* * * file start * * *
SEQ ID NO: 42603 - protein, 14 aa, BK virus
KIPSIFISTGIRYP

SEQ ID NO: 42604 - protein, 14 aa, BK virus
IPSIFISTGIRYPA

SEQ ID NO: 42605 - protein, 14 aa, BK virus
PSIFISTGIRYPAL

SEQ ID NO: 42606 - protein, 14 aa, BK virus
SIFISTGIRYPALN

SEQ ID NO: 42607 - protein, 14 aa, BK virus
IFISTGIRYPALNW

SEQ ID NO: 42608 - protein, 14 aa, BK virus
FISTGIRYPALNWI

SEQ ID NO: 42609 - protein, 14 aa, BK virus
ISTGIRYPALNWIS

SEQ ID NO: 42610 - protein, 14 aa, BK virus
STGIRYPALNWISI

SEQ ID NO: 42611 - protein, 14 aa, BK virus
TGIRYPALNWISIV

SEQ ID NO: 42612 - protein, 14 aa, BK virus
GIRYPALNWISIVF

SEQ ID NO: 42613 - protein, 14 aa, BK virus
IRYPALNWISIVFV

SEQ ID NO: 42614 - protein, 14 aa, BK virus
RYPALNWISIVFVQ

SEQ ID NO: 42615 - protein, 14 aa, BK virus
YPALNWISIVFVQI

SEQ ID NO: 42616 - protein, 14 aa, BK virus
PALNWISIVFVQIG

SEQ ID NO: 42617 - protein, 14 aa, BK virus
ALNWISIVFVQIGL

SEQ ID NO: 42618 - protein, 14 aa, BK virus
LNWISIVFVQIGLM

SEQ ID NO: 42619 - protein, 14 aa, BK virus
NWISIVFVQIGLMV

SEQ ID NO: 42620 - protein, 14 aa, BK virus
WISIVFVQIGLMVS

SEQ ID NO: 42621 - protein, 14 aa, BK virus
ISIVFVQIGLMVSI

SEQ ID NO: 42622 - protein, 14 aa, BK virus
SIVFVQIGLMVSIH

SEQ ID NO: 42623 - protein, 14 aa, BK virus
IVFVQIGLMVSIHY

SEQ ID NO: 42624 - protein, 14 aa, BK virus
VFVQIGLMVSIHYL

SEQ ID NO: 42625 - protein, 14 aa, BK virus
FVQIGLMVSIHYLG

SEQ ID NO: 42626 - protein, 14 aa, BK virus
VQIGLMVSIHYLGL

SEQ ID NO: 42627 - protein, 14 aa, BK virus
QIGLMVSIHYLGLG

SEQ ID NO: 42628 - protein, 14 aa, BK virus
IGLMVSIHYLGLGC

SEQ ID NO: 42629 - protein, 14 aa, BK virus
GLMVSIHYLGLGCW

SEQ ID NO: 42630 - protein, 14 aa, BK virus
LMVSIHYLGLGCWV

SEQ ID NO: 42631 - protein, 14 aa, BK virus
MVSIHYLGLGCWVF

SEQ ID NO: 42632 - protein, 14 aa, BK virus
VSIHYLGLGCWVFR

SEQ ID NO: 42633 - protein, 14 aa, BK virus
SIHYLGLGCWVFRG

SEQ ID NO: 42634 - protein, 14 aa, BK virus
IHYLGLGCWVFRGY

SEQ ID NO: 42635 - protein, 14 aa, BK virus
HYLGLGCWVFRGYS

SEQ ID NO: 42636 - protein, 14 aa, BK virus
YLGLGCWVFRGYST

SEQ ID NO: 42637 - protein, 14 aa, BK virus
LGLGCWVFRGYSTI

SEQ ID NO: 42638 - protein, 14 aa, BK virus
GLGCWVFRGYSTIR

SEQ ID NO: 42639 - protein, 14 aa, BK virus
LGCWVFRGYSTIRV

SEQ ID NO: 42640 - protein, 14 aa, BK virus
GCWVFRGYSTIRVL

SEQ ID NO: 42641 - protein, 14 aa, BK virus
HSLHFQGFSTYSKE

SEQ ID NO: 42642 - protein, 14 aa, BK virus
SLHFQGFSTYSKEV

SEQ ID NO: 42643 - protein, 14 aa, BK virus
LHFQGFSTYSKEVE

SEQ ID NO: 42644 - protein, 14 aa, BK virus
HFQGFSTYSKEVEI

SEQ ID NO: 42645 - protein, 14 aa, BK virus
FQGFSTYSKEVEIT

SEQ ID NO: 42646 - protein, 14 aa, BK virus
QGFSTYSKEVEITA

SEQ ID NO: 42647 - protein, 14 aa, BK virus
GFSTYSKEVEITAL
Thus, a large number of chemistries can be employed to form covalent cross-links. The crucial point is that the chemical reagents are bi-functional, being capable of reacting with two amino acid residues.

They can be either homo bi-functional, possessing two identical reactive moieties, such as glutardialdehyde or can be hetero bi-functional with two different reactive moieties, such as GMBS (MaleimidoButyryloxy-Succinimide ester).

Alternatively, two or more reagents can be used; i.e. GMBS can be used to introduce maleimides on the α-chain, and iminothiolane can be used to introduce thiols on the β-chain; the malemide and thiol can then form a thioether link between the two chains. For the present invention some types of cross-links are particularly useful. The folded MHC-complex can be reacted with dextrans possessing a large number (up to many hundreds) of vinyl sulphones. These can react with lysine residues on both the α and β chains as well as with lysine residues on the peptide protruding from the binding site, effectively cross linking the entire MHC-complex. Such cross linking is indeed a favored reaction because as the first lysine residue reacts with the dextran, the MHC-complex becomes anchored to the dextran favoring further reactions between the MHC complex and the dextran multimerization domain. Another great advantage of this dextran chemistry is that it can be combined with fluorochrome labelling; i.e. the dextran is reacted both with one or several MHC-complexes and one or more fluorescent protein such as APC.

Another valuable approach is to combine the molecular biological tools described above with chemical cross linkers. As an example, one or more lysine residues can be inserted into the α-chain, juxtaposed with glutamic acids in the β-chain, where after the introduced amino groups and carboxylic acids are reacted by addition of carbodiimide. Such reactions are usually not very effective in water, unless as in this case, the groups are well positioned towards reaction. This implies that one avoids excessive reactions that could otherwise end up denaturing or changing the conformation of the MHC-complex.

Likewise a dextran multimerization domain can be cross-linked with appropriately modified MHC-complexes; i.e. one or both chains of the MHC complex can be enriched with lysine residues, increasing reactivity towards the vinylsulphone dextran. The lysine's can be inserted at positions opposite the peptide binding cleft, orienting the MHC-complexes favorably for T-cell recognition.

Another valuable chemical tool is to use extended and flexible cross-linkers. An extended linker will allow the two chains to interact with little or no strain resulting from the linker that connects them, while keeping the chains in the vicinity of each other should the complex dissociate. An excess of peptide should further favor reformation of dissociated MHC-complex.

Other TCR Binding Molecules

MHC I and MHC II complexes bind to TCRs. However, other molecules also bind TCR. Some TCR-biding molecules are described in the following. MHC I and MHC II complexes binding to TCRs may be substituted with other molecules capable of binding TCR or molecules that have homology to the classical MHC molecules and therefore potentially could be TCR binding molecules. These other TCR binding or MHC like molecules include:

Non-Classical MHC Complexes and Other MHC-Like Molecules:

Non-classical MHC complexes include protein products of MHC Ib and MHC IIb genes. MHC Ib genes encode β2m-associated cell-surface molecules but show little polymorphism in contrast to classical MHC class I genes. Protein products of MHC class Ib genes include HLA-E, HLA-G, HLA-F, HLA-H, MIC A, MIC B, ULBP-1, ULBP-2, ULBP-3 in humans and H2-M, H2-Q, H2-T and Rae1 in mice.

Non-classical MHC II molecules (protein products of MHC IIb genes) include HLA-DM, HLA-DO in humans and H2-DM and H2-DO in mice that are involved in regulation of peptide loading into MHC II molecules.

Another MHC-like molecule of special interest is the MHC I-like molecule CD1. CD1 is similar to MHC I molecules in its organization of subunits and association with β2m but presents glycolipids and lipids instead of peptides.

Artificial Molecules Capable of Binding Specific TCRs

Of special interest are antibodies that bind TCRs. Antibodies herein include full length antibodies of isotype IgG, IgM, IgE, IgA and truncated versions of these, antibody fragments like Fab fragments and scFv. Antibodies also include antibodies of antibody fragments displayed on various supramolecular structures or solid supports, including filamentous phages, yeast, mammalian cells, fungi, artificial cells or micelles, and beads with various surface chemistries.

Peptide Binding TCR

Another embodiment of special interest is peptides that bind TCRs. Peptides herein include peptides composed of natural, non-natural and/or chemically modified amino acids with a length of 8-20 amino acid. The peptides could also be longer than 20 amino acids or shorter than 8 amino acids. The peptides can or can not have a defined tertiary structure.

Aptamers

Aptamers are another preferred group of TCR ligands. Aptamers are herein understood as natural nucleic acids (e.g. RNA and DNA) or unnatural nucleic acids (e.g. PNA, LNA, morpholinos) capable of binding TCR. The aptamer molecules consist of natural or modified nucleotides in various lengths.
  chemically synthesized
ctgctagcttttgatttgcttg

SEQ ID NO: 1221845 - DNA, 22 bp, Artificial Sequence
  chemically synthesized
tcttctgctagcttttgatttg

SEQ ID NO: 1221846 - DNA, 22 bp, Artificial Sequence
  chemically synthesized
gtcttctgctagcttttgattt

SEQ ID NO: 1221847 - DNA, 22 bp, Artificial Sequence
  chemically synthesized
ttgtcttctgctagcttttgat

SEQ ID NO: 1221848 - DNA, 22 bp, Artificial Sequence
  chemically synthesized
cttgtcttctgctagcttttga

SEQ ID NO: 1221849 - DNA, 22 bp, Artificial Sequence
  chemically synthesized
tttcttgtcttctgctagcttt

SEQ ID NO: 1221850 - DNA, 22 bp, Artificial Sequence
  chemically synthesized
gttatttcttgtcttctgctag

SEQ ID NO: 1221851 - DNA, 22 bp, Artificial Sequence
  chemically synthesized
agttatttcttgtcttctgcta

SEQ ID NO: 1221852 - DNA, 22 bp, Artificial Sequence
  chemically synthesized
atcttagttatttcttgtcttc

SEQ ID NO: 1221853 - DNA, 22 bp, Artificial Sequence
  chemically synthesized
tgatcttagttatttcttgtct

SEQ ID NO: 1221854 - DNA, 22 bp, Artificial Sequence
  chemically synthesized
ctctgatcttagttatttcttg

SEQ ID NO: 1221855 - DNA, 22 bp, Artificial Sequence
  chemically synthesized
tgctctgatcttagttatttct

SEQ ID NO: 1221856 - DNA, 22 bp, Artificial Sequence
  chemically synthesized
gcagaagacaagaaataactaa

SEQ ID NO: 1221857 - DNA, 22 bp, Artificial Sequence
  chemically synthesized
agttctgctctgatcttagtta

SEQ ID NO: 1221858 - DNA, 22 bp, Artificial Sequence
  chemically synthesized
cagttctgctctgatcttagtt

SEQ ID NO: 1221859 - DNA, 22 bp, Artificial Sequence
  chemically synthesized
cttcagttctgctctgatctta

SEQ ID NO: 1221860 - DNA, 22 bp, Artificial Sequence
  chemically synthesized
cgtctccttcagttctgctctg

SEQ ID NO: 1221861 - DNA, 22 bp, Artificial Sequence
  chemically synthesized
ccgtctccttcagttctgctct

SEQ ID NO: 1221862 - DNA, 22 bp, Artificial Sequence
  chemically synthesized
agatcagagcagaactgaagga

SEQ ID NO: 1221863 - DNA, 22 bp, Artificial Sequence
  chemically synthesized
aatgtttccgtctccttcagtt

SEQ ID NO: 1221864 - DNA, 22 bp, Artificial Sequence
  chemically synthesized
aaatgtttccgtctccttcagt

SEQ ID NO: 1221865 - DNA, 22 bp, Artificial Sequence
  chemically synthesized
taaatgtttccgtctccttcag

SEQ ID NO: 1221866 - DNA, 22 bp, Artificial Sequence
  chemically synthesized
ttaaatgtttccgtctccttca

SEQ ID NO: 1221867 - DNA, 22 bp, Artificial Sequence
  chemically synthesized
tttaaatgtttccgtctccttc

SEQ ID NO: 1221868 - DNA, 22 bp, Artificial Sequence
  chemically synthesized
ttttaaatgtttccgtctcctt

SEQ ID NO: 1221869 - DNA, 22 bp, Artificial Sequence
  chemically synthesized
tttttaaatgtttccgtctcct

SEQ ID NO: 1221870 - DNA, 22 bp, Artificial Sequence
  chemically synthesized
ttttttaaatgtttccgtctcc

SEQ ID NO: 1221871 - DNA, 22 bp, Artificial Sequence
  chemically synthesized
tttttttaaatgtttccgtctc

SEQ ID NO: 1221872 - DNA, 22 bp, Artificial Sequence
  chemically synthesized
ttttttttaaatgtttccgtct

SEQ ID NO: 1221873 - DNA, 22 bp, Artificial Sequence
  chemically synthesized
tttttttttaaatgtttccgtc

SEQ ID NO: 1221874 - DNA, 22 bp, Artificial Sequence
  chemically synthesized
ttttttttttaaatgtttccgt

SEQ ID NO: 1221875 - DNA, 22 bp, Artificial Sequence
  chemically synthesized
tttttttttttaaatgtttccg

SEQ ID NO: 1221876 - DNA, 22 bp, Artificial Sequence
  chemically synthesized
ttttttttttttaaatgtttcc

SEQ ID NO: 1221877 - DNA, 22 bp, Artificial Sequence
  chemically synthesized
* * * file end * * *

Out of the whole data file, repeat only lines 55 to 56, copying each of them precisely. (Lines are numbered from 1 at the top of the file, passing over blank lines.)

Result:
SEQ ID NO: 42630 - protein, 14 aa, BK virus
LMVSIHYLGLGCWV